In most cases this would be seen as a disadvantage for a team that’s on the bubble of a wildcard spot. But the Blackhawks have fared better on the road this season than they have at home. Through 54 games, the Hawks are 12-12-4 at home, and 13-9-4 on the road.
They tend to keep things simple on the road, playing a more straight-forward game. Plus they don’t have the same kind of pressure or distractions they face in Chicago. Let’s hope the team can embrace this trend and pick up as many road wins as possible.
Negatives for the Blackhawks
1. Lack of 60-Minute Effort
Part of the Blackhawks’ inconsistency is they have a hard time putting together a solid effort for an entire game. They’ve started strong and then petered out in the second frame. Lately, especially in the last two tilts, they’ve had trouble starting on time.
For the most part the Blackhawks get down to business in the third frame, which I guess can be considered a positive. But one period doesn’t win a hockey game. It takes three strong 20-minute efforts. So the focus should be to get off to a good start. Be the first to score and get the lead. Make it easier on yourself for the rest of the contest. Obvious and simple stuff, right? The harder part is executing it on a consistent basis.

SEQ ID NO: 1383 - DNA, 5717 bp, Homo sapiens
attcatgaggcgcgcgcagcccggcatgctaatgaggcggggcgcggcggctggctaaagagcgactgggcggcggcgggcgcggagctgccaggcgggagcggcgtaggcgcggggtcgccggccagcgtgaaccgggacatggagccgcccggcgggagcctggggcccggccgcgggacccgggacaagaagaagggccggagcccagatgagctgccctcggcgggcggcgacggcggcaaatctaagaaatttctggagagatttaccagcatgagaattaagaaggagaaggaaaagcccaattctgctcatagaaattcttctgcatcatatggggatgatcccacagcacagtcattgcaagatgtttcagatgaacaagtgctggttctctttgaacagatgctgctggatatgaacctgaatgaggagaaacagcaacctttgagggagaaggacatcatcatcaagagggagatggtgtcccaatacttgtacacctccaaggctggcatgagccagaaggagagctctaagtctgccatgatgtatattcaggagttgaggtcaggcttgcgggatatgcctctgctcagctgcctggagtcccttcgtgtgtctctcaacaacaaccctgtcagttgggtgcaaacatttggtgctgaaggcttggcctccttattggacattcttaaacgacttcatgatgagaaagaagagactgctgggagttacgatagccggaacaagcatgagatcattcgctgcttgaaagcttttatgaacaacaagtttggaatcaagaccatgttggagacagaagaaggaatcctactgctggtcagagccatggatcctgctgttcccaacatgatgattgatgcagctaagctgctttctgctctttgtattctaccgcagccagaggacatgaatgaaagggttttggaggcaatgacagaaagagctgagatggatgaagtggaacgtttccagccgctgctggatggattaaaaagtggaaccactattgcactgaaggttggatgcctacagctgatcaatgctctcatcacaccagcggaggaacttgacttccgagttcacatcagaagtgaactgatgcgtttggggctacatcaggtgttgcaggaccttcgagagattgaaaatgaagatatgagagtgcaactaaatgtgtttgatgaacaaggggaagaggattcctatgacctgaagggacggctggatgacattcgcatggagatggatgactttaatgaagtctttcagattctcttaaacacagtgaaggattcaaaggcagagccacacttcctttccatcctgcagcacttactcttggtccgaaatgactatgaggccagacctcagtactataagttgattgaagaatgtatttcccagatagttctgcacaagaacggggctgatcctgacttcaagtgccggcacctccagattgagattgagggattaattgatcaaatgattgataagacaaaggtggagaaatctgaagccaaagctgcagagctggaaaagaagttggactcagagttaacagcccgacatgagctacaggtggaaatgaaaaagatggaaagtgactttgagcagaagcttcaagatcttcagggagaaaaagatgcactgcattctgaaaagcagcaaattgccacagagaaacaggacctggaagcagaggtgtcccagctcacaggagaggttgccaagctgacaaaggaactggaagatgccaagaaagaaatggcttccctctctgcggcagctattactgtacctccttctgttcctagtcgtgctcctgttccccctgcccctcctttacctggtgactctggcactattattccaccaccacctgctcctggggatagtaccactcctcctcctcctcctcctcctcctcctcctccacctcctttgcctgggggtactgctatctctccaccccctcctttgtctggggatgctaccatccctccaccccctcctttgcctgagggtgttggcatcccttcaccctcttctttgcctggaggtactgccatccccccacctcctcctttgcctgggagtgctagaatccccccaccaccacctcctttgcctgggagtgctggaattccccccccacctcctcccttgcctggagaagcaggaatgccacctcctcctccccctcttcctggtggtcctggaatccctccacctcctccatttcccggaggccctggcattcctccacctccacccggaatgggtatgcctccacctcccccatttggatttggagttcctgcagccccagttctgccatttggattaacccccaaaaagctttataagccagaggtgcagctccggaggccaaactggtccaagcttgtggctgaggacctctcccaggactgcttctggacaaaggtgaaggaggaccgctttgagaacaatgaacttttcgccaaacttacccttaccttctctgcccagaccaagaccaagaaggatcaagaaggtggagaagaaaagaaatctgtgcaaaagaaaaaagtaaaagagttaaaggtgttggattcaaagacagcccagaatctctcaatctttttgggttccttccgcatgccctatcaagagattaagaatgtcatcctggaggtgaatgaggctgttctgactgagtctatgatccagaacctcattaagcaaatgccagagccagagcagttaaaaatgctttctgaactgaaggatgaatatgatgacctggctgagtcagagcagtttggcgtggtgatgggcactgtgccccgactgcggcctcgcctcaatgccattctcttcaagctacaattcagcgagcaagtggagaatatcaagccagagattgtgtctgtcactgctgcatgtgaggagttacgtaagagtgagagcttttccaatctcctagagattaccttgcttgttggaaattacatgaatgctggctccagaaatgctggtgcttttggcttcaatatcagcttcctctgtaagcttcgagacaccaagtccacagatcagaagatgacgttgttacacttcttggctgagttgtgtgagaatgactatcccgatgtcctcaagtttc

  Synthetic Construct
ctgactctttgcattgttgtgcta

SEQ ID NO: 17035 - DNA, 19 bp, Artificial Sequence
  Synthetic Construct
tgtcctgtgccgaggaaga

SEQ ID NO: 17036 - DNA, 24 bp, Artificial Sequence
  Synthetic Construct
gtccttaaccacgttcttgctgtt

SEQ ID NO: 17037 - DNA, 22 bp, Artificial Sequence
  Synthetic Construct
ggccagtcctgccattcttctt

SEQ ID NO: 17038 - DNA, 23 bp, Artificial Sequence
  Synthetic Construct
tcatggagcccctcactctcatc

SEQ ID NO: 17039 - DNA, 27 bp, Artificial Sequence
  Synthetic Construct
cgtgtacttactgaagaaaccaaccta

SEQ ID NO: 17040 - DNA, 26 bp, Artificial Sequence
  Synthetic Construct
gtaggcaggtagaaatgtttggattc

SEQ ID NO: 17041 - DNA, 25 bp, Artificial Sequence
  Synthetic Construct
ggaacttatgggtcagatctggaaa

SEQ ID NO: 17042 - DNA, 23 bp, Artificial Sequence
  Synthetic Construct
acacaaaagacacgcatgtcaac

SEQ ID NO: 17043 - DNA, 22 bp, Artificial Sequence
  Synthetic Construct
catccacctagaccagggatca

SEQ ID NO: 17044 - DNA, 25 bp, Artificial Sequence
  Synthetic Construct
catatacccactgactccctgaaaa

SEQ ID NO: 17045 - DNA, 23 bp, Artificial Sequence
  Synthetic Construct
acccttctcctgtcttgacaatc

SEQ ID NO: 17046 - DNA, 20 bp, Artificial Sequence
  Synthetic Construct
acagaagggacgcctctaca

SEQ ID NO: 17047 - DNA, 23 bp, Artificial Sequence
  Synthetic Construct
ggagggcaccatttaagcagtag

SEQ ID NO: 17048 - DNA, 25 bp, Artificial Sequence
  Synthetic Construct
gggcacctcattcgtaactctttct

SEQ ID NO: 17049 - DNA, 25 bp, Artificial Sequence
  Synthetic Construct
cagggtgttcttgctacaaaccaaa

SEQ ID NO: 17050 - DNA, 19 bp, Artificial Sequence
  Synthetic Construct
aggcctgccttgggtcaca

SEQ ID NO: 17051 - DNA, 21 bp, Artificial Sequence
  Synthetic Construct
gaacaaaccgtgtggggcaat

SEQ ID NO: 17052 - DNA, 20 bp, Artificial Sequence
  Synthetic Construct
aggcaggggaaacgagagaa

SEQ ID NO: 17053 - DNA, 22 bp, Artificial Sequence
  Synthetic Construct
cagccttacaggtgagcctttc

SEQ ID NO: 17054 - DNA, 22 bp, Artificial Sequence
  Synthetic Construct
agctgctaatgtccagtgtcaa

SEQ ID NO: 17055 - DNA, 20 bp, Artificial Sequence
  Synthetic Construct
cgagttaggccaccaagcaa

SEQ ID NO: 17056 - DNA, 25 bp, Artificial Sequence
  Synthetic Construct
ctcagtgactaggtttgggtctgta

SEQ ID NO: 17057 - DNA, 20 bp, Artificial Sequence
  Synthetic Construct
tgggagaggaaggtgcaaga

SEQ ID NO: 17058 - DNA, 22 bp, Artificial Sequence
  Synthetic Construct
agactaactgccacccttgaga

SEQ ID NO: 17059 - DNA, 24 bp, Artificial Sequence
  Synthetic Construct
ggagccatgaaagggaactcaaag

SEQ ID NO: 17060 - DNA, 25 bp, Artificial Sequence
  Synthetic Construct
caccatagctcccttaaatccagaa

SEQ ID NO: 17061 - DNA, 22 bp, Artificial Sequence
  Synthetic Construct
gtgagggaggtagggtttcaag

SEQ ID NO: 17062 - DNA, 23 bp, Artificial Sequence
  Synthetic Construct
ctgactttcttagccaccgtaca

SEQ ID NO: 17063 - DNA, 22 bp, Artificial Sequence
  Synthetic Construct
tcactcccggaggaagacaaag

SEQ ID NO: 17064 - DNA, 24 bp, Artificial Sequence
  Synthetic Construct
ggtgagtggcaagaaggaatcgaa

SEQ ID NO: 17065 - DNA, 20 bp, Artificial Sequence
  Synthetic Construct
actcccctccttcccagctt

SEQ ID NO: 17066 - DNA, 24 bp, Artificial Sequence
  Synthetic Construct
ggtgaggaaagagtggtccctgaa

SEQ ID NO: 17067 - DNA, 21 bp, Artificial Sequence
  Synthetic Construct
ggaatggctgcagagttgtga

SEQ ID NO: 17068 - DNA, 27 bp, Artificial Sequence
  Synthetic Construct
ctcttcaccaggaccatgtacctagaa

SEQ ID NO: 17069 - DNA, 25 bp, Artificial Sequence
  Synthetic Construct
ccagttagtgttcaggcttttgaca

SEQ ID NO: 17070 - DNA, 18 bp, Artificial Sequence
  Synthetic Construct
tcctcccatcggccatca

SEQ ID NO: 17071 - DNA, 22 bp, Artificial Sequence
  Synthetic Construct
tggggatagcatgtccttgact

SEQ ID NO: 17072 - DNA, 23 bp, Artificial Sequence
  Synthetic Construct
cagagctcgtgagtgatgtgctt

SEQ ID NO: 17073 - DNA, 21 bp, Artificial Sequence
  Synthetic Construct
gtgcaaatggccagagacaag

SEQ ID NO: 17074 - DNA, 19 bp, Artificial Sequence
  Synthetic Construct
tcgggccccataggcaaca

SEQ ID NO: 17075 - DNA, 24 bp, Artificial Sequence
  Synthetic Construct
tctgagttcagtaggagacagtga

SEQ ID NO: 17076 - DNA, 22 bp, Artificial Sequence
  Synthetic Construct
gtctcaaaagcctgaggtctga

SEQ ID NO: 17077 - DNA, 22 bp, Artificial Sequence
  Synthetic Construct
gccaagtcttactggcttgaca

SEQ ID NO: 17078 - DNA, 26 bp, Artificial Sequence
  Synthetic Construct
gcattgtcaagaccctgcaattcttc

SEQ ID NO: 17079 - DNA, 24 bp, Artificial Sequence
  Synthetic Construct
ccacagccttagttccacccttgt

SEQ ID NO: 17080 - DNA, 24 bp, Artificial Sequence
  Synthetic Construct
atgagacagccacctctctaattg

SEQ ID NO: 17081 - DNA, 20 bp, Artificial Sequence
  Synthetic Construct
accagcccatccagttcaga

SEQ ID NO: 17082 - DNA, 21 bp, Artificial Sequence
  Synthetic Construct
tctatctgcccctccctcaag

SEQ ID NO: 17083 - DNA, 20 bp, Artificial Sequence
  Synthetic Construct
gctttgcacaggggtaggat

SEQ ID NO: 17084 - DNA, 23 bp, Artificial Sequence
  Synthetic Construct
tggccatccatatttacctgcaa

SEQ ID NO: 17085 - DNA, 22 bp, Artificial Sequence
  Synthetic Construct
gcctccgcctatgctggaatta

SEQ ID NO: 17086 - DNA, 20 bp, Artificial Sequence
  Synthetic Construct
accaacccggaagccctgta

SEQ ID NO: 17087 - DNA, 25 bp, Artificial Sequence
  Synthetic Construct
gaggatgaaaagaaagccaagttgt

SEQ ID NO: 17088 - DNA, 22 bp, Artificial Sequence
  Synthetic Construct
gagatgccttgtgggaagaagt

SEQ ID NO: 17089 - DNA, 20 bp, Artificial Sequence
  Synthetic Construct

2. The Power Play
With all the offensive firepower on the Blackhawks, it’s a head scratcher this isn’t a positive. But the team currently ranks 28th in the league on the man advantage, with a dismal 15.2% success rate. Last season the Blackhawks’ power play was extremely successful this time of year and was one of the main reasons they were in any sort of playoff contention. So, it’s nice to see them finding success in more of an overall way this season.
But boy, a boost on this side of special teams could go a long way towards helping them right now! Colliton hasn’t made many adjustments, and he’s indicated the chances are coming and they will eventually break through. But time is running out.
Should the Blackhawks put Kubalik up on the top unit instead of Dach? Should they insert Saad into the mix? Give the second unit more than just 30-40 seconds instead of riding the first unit for most of the power play? Or should they start playing Kane through the entire two minutes again as he’s done in the past? Regardless, improvement in this department is badly needed.
3. Deficiencies on Defensive
Defensive depth, or lack thereof, has been an issue for the Blackhawks for what seems like forever. Even headed into the 2019-20 season, many questioned whether the additions of Calvin de Haan and Maatta would be enough. Then de Haan and Brent Seabrook departed with season-ending injuries in late December.
Since then, Colliton has managed to come up with some relatively solid pairings based on what he has available. Veteran Keith is an excellent mentor for the rookie Adam Boqvist. Good ole reliable Murphy balances out the opposite in Erik Gustafsson. And Slater Koekkoek has been a surprisingly good match with Maatta on the third pairing.